Software-as-a-service, or SaaS, is quickly replacing locally installed programs as the standard way of doing business. A new report from software analysis firm Better Buys sheds some light on how things are changing and how those changes will impact businesses and their teams.

SaaS: it’s going vertical

Most organizations that have been around for a while have a server located somewhere in the office. It may be running their email service, handling program licenses, and maybe even operating the business software that their entire company relies on.

SEE: Taking the temperature of the SaaS market (Tech Pro Research)

That model is quickly disappearing as cloud-based SaaS platforms take over. Industry-agnostic software like Salesforce, QuickBooks Online, Workday, and Google Drive are becoming more and more common, but the statistics also show that they won’t be the standard forever.

Better Buys’ study found that most new SaaS development is moving toward vertically designed software. Verticals are specific to particular industries or needs, and companies designing them have been dominating the field since 2014.

Platforms that focus on marketing, business ops, CRM, data gathering, and ecommerce are leading the growth in SaaS development. It’s completely reasonable to expect your company to use multiple vertical platforms for specific tasks, and that means you’ll need employees who are trained to work with the ones that matter for their position.

SaaS: what does it mean for employees?

The report highlighted job postings that include SaaS skills, and the list only affirms the growing specificity of SaaS programs. The top of the list is dominated by postings for analysts who know platforms like Domo, Moz, and Stata.

SEE: Why the growth of SaaS means end users lose control (TechRepublic)

What may come as a surprise is the second ranked job title: administrative assistants. There are a number of SaaS platforms that are used in front office work, and knowing them is becoming necessary for professional administrators. Whether it’s DocuSign to speed up contract paperwork, Cvent to manage and plan events, or Constant Contact to handle mass emails and newsletters, there’s a lot of demand for SaaS proficiency in office staff.

The report rounds out the top five positions with project managers, sales development reps, and customer service reps. Of the 10 positions listed only a couple of them are tech-centered jobs, and that should be telling: SaaS platforms are quickly becoming a central part of business, and everyone is going to need to use some of them.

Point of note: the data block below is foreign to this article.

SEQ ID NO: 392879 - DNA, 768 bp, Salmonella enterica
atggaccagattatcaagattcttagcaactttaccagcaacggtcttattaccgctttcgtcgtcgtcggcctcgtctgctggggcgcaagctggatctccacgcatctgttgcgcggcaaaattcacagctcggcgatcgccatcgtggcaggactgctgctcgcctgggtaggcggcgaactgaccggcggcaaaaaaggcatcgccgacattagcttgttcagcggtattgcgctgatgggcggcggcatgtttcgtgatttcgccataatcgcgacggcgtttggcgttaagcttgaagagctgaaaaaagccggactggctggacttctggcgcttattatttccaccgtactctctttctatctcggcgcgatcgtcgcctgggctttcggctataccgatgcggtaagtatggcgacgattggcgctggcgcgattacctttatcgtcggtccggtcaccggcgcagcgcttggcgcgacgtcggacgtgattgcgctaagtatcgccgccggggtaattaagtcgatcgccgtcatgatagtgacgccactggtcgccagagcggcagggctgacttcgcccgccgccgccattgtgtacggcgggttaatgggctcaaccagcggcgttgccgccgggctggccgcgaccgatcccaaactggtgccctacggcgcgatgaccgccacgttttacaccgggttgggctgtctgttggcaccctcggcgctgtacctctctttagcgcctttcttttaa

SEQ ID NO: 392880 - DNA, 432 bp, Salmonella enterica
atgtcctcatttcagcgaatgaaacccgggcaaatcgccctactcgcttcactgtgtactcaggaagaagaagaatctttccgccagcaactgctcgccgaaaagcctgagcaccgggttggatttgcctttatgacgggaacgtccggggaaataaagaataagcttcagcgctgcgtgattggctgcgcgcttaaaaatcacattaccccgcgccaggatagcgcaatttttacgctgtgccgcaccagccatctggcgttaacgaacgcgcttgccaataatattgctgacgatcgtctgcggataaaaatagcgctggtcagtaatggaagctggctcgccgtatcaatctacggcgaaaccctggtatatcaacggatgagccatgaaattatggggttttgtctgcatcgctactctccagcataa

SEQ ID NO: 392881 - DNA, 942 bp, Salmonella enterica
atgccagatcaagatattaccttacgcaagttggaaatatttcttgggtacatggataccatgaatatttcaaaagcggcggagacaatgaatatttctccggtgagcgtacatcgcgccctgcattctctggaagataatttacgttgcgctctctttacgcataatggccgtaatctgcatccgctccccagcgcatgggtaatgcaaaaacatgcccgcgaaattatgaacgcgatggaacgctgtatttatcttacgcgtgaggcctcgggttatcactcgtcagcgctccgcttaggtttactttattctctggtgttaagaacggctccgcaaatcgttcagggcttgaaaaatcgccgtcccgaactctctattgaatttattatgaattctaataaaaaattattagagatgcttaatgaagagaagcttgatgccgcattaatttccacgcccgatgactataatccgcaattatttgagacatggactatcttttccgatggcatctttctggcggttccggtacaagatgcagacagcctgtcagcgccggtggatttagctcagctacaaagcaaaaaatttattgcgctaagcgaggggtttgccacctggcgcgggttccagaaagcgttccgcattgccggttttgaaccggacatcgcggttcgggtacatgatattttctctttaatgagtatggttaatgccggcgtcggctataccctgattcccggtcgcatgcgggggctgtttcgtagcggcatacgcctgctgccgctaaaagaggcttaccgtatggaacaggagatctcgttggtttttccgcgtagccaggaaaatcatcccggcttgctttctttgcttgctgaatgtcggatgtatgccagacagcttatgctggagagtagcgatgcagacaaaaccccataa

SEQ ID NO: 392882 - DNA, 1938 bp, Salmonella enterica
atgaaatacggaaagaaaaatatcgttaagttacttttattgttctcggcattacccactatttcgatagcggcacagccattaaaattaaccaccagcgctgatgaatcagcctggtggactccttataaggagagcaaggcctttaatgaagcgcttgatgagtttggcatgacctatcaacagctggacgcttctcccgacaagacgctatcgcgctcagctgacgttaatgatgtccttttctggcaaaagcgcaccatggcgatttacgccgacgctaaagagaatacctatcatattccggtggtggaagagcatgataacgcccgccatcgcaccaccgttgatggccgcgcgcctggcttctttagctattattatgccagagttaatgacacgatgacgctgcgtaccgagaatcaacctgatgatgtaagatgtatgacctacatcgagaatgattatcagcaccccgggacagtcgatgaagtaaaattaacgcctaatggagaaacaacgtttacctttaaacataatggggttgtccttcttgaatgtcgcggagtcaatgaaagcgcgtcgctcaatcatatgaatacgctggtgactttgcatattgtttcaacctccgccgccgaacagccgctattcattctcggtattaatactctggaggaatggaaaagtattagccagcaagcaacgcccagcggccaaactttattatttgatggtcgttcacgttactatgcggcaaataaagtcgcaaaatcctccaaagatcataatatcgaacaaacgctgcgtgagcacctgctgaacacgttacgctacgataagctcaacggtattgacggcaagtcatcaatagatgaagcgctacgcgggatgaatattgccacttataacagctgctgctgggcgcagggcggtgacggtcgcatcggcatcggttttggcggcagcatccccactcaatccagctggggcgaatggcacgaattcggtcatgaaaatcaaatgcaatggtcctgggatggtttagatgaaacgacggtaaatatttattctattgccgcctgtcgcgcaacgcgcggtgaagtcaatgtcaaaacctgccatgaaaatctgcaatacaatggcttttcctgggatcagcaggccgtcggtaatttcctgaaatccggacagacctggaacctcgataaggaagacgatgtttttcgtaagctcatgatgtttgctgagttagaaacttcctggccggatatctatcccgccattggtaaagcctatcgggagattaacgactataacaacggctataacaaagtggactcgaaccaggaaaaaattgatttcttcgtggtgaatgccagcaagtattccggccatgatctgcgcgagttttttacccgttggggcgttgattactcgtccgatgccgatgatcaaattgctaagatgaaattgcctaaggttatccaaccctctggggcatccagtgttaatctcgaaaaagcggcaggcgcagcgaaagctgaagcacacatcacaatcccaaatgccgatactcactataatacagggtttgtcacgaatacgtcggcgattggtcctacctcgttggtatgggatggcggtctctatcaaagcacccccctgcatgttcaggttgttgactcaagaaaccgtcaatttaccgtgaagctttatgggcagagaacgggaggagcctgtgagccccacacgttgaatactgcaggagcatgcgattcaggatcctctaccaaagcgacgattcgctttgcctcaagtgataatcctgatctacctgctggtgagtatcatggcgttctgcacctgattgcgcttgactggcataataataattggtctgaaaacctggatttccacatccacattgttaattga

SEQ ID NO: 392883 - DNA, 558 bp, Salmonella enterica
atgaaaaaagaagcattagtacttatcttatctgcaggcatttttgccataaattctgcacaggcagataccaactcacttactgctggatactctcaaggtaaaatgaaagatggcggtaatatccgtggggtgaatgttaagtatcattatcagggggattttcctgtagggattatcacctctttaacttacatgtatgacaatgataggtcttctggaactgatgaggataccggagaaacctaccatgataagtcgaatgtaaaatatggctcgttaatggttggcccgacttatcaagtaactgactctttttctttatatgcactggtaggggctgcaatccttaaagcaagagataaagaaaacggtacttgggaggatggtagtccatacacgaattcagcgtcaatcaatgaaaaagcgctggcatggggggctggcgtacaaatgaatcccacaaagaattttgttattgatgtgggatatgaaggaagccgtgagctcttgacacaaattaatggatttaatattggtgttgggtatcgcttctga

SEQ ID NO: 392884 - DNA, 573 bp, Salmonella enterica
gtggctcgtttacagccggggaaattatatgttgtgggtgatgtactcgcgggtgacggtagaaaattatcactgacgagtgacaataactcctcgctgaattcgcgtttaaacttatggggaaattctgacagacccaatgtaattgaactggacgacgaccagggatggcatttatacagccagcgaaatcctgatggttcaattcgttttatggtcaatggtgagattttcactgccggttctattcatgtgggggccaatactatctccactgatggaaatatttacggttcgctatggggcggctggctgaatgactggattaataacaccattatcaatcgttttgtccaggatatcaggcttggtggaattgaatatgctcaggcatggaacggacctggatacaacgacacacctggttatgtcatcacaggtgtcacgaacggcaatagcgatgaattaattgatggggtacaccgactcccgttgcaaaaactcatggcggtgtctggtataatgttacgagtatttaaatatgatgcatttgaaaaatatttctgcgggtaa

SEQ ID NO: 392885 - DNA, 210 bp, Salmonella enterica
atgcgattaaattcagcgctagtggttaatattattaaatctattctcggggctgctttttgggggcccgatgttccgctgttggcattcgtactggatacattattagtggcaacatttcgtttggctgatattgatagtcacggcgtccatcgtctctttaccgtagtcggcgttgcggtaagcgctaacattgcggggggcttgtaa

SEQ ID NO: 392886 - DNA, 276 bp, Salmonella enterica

How should you plan for the future?

The central problem of computer use in business has always been data loss. Servers stored onsite only mitigate a certain degree of risk, but data sent away to the cloud is safely stored offsite and the risks are handled by another company.

There’s no going back from the cloud, and as time goes on more and more of your businesses computing resources will be abstracted away. For new businesses this isn’t as big a deal: they don’t need to worry about transitioning from local hardware to the cloud when they can just buy into it from the beginning.

If you’re facing an aging server or old tech that needs replacing now is your chance to ditch it for good. Find out what you need to do to transition that data somewhere safe and start living the SaaS life: you’ll be glad you did.

SEE: Cloud: How to do SaaS right (ZDNet/TechRepublic)

The 3 big takeaways for TechRepublic readers

  1. SaaS platforms are becoming the norm for business. Virtualizing your business platform will save you time, money, and resources. It will also allow you to get more done outside of the office.
  2. Industry-agnostic platforms are losing ground to vertical systems. As time goes on apps are going to become more specialized and industry-specific. You may find yourself using apps for things you never thought you would need to.
  3. SaaS isn’t just for tech workers: job postings indicate that non-tech employees need to use SaaS platforms just as much, if not more, than IT professionals. Knowing platforms common to your line of work can make you much more marketable.